Neither of those topics is inherently good or bad.  And whichever one he chooses, he'll need to tell an effective story that helps readers get to know more about him.  But I can tell you this–every year, thousands and thousands of college applicants write stories about leadership, perseverance, commitment, and other supposed "valuable life lessons" that they learned  Most of those kids didn't actually think those deep, reflective thoughts during and after those experiences.  And most aren't excited about those stories; they're just relating what they think the admissions office wants to hear.  Do you have any idea how many, "My trip to Europe broadened my horizons" and "Community service taught me the importance of helping others" admissions officers have to read every year?

The best college essays are about topics that make the writer tick, that give a glimpse into some part of your life (sometimes a big part, sometimes a small part).  Those essays almost write themselves because you are so engaged in the story.  It doesn't matter whether it's about a life-threatening illness or working a part-time job at a hamburger stand.  It's the energy behind the topic that's contagious and can move an admissions officer.

This student was excited about his boy band story.  So I told him to go with it.  When in doubt, write what you want to write.  Inject your personality.  Write something that if your best friend read it, she would acknowledge that it sounds exactly like you. 

It takes guts to write what you want to write, but that's a lot less risky than giving them what you think they want to hear.

Best of Our Blog Posts for Seniors

We spend a lot of time writing about how to apply and get in to college.  So if you’re a senior trying to figure out how write your essays, how to fill out your applications, or even now to have a great interview, chances are, we’ve already written something about it here.

To save you the trouble of searching our blog, here are ten of our best past blog entries for seniors.  Enjoy, and best of luck on your applications.

1. Five Things Seniors Should Never Do When Applying to College

2. Stay On Their Good Sides      

   Tips to help you make sure you don’t
unintentionally annoy admissions officers

3. Five Things Seniors Can Still Do To Help Them Get Into College

4. College Essay Dos and Don’ts

5. How to Ruin Your College Application

    Sharing some advice from Jay Mathews at the Washington Post

6. Why Parents and College Essays Don’t Mix

7. Five Things Every College Wants You to Be

    And even if you’re a senior, it’s not too late to be them.

8. Inside the Admissions Office

    A reminder that admissions officers are just regular people.

9. Attack of the Killer Cliches

Please oh please, think twice before you write that essay about that one time you worked on a blood drive.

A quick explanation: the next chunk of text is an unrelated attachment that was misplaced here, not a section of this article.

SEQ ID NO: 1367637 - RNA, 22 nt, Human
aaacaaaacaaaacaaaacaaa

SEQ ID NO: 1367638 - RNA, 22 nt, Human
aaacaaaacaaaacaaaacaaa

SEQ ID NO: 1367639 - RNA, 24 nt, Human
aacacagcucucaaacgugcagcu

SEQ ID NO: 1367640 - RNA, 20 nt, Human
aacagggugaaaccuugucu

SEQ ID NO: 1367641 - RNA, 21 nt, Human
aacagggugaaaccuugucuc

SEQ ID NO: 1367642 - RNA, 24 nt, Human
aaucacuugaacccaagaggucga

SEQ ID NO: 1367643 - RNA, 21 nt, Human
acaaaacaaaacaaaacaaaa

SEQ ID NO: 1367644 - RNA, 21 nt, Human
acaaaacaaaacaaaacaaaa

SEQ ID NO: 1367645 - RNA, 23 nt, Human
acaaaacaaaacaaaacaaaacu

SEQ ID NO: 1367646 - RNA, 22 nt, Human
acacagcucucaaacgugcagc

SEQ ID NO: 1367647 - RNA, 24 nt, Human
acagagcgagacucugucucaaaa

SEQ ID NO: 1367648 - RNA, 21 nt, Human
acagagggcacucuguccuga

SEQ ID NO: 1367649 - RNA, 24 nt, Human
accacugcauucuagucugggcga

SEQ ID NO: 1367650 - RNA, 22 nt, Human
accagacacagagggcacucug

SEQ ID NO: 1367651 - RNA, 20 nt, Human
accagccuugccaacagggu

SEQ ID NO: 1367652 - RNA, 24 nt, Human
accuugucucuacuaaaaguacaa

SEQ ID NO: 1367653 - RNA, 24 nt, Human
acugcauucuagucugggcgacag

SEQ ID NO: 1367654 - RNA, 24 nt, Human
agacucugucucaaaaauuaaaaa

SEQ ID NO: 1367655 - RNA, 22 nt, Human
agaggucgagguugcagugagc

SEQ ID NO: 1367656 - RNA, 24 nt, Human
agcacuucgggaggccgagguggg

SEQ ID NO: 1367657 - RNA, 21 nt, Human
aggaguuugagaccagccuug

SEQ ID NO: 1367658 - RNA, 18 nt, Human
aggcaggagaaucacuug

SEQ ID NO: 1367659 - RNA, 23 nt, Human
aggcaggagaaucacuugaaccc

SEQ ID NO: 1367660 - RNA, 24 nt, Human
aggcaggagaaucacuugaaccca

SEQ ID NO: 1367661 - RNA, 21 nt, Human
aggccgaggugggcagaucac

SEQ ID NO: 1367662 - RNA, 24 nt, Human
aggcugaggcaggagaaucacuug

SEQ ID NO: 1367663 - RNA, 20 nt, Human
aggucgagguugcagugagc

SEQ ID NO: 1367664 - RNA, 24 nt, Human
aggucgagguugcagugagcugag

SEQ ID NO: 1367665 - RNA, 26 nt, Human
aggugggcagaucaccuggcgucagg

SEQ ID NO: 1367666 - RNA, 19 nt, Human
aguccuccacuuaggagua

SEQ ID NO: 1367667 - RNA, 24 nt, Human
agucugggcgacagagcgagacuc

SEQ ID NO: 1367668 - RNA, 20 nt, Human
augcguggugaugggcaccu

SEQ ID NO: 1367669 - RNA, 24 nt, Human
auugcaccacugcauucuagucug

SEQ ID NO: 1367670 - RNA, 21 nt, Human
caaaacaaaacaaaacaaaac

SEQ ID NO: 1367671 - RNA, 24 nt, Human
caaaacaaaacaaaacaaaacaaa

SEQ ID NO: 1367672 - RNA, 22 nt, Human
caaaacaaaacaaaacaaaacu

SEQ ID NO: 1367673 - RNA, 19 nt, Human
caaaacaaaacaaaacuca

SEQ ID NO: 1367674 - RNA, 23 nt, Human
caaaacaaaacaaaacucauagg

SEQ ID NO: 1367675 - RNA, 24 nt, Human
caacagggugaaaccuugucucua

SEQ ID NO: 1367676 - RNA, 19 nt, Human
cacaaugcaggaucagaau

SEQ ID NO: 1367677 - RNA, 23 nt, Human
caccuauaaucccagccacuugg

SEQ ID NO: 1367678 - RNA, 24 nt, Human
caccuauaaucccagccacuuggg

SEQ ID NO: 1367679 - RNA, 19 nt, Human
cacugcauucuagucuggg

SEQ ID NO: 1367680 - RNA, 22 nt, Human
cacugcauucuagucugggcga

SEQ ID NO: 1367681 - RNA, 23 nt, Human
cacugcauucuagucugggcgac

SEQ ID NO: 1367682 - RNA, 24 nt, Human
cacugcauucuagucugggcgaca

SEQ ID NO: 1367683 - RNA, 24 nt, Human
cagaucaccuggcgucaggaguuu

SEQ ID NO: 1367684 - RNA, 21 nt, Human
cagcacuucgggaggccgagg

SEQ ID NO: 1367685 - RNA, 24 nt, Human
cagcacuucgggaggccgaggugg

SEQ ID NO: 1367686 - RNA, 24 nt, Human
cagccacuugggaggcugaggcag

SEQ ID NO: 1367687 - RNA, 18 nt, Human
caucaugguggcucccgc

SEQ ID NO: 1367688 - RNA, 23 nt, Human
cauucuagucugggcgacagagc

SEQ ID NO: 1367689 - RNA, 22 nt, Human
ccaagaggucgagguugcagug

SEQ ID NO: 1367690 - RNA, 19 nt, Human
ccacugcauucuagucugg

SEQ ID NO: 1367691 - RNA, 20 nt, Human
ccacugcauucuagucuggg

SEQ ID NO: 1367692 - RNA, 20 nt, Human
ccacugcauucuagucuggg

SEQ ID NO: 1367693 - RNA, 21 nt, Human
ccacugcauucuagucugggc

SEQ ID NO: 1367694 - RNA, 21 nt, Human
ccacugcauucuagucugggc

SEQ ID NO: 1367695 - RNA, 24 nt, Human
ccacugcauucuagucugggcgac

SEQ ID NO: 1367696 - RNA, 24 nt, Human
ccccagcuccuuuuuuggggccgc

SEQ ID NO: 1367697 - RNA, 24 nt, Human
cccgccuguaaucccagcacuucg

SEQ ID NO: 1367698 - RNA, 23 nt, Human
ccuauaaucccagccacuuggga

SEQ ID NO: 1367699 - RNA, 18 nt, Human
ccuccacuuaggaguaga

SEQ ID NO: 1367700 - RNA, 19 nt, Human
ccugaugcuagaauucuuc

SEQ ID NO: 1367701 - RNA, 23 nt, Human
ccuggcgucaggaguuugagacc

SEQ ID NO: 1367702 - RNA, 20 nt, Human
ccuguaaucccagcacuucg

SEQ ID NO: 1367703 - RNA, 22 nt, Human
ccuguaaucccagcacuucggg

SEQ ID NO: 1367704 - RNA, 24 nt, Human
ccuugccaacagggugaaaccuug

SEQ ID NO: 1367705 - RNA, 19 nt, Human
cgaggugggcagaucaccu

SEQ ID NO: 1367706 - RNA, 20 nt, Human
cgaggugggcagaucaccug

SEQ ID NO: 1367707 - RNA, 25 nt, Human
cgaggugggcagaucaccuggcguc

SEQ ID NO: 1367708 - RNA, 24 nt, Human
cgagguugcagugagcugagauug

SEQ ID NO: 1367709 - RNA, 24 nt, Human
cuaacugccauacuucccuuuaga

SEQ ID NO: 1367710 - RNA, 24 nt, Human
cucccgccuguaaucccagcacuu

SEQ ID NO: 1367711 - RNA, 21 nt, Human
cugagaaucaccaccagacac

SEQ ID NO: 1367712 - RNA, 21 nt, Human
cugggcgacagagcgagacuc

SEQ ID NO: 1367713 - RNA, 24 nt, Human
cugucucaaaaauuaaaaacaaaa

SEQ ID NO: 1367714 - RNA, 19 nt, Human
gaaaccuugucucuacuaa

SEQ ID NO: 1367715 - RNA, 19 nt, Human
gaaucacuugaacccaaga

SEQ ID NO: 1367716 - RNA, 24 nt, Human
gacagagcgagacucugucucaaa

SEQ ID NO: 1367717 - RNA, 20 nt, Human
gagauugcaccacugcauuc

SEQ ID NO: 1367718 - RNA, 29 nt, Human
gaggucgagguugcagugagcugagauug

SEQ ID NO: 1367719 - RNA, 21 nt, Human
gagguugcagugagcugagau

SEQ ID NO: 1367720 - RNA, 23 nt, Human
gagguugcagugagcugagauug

10. The One Thing You Need to Know About

College interviews, essays, getting in to college today–we’ll break them down and share the most important thing you need to know about each topic.

The more things change…

At one of our Collegewise Back to School Nights last week, we were discussing how much pressure kids (and parents) are feeling surrounding the college admissions process today.  A father asked this question.

"When I was in high school, I only applied to two colleges, and got in to both of them.  What's changed?"

It's a good question.  Why are colleges so hard to get into now?  What's caused all this change?

On the one hand, a lot has changed.  There are more kids are applying to college today than ever before (we're just finishing the post-baby boom, with over 3 million kids graduating from high school this year).  And unfortunately, a lot of them want to go to the same 40 schools, schools whose capacity for students hasn't changed much, if at all.  So the applicant pool is growing, but the number of spots at the most selective colleges has remained the same.  It's the law of supply and demand at work, and that's very different from the college admissions landscape of 20-30 years ago. 

But at the same time, not a lot has changed.

A student can still take the SAT just once and accept whatever score he
gets.  He can still apply to just two colleges, get in to both of them,
and go to one.  And he can do all this without perfect grades, perfect
test scores, or a legal proof that he invented photosynthesis. 

But he just can't do that if the two schools are Georgetown and
Northwestern.  Or Amherst and Williams.  Or Berkeley and UCLA.  Or
Stanford and Yale.  Or Swarthmore and Tufts.  Or Columbia and Cornell.  Or Boston College and Notre Dame.  Or Duke and Michigan.  Or any of the other schools that reject 60-90% of their applicants.   

The competition for admission has changed dramatically at the nation's most selective
colleges.  But there are over 2,000 other colleges from which to choose
and all but about 100 of them accept almost all of their applicants.

It's up to you.  You can buy into the thinking that a more selective college means a better education and the promise of a successful life beyond college (we'll disagree, but you can believe it).  Or you can spend more time finding the right college for you where you'll be happy and successful, one who will gladly take a kid who doesn't necessarily have straight A's, where your potential to contribute is worth as much or more to them than your grades and test scores are. 

Not everything has changed since Mom and Dad applied to college.